The Extraterrestrial WOW Signal: [email protected] WOW Race Invitation from SETI.Germany - Let's Answer Team Gridcoin!

in #science5 years ago (edited)

The BOINC team SETI.Germany has invited all [email protected] teams to compete in the 2017 WOW Event. The event is a classic race to see which team can crunch the most work units for [email protected] between August 15 and August 29. Given the size of Team Gridcoin, we can easily win the race if we all make an effort to sign up and divert some compute power!

The race has been named after the WOW-signal, which was recorded by the Big Ear radio telescope at Ohio State University on August 15, 1977. The signal's name was derived from the comment left by the analyst, Jerry R. Ehman, who was pouring over recorded data when he found the signal:

The alphanumeric sequence circled above represents the signal intensity over time. To this day, this signal is the most likely contact we have had from an extraterrestrial civilisation. Not only does the signal appear to follow a perfect Gaussian distribution, but transmission frequency has been calculated to be almost 1420 MHz. This is the frequency naturally emitted by hydrogen - the most common element in the universe - and it is thus likely that it would be the frequency all technologically advanced civilisations would attempt to make contact at.

The signal's raw data was processed in such a way that it can have originated from one of two pockets in the Sagittarius constellation. Theories that the signal was reflected back at the observation array from Earth off a piece of space debrii were proven mathematically impossible. Further reducing the chance that the signal was man made is that the broadcast frequency is reserved for astronomical purposes, and thus forbidden from terrestrial use.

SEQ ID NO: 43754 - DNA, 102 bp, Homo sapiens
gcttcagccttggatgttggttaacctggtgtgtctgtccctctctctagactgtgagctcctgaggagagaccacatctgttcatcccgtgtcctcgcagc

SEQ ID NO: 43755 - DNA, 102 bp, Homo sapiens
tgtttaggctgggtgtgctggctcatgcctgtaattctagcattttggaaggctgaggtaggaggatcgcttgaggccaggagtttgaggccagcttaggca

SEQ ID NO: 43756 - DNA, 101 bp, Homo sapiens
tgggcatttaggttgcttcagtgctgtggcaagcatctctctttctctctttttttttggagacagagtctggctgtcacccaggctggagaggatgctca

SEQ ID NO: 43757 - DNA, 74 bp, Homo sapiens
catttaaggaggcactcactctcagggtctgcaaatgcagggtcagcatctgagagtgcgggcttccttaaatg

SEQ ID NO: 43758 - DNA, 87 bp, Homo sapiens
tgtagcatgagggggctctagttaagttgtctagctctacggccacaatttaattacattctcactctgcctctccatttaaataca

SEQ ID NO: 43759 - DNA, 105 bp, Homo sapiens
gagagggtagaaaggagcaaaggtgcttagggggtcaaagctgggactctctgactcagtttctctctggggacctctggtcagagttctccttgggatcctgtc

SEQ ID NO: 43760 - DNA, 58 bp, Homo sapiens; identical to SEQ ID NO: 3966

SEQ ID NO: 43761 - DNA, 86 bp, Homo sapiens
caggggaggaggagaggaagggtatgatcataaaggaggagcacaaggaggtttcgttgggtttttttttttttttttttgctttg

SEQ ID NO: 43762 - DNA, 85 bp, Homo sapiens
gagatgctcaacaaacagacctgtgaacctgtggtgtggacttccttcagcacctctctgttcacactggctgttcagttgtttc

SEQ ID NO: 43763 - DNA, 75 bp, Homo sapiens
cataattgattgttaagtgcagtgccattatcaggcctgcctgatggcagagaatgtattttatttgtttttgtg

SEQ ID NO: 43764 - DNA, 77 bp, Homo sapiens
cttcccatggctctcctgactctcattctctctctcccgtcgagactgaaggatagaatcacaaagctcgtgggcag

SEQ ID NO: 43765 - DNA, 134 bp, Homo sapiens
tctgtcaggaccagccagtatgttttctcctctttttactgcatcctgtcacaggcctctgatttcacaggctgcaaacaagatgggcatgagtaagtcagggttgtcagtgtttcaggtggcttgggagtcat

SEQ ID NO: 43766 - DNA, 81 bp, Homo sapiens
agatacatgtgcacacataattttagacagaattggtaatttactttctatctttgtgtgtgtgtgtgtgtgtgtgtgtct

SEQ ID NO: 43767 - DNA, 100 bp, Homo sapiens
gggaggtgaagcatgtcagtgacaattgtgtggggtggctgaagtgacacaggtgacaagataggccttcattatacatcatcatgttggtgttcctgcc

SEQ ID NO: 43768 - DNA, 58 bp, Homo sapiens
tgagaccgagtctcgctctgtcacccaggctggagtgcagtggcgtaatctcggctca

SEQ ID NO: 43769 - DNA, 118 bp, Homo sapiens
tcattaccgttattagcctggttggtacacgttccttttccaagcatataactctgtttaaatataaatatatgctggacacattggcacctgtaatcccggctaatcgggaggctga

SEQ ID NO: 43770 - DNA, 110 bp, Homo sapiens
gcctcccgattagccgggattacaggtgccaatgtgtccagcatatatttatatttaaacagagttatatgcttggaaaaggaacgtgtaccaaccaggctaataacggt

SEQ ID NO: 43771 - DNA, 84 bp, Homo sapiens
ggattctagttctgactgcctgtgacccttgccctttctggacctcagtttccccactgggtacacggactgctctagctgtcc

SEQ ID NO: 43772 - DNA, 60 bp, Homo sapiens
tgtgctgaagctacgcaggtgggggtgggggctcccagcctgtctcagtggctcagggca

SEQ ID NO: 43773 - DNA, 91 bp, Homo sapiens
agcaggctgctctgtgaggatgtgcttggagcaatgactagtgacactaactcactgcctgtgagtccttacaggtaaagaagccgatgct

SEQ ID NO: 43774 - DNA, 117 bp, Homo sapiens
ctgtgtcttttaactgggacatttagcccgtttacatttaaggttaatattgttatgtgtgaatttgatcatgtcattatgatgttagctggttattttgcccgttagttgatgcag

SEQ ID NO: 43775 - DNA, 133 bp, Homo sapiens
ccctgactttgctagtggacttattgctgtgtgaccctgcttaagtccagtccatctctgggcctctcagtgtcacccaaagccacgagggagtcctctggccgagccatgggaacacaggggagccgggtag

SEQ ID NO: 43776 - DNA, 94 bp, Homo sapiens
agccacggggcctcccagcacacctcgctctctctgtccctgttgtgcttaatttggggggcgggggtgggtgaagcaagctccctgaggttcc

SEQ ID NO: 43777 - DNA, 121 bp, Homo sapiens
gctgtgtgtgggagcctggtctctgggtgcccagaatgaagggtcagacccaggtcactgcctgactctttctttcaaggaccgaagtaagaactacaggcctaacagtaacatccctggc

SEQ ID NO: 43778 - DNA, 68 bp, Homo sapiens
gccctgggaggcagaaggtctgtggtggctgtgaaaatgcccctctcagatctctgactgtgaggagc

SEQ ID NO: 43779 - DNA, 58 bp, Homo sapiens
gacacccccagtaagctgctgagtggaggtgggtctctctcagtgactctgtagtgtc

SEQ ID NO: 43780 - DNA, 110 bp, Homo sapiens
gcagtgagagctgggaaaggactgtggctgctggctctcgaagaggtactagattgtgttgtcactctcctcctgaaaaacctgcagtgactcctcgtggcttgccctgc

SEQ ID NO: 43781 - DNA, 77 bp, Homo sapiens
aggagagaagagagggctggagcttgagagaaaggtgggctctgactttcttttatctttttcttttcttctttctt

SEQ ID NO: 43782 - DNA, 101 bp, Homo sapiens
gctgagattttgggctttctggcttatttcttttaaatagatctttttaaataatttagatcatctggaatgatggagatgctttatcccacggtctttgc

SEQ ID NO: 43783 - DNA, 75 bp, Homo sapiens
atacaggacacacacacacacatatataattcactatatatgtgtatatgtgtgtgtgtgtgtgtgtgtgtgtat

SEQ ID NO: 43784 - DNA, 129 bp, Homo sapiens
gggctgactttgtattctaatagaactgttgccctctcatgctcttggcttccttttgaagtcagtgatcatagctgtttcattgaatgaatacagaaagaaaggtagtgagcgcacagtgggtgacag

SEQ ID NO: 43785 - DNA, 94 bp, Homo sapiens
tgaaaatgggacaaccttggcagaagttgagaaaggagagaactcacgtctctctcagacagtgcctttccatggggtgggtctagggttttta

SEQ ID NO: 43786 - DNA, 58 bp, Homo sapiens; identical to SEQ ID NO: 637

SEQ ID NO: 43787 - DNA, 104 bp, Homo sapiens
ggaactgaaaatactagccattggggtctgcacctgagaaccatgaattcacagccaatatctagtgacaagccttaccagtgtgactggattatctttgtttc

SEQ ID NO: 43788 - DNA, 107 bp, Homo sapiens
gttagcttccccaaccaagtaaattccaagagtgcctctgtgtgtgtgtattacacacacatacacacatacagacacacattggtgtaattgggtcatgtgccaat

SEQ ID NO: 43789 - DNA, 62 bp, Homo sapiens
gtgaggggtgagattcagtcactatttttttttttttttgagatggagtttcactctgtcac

Even so, no other telescope has been able to pick up the signal since. Even Ehman, who tried for months to find the signal again using Big Ear, was unable to rediscover it.

Let's all do our bit and contribute to the 2017 [email protected] WOW race! You can sign up here. I am already contributing over 500k RAC and would be more than happy to help you optimise your RAC on the project.

All images used under Creative Commons



Sadly, the WOW signal may not be as exciting as was once thought:

New models suggest that the signal could have been caused by two recently discovered comets passing in front of the telescope.

fake news 😂😂

A spokesperson from the OSU Radio Observatory, where the Wow! signal was detected, has reached out to express skepticism of this discovery. Specifically, the spokesperson notes that both comet 266P and P/2008 were too far away to have caused the signal, and that there's no prior evidence suggesting that comets can create the type of signal spotted in 1977. In particular, the Wow! signal only lasted for a little over a minute, which would be unusual for a comet.

Will be interesting to see what the truth is once they figure it out.

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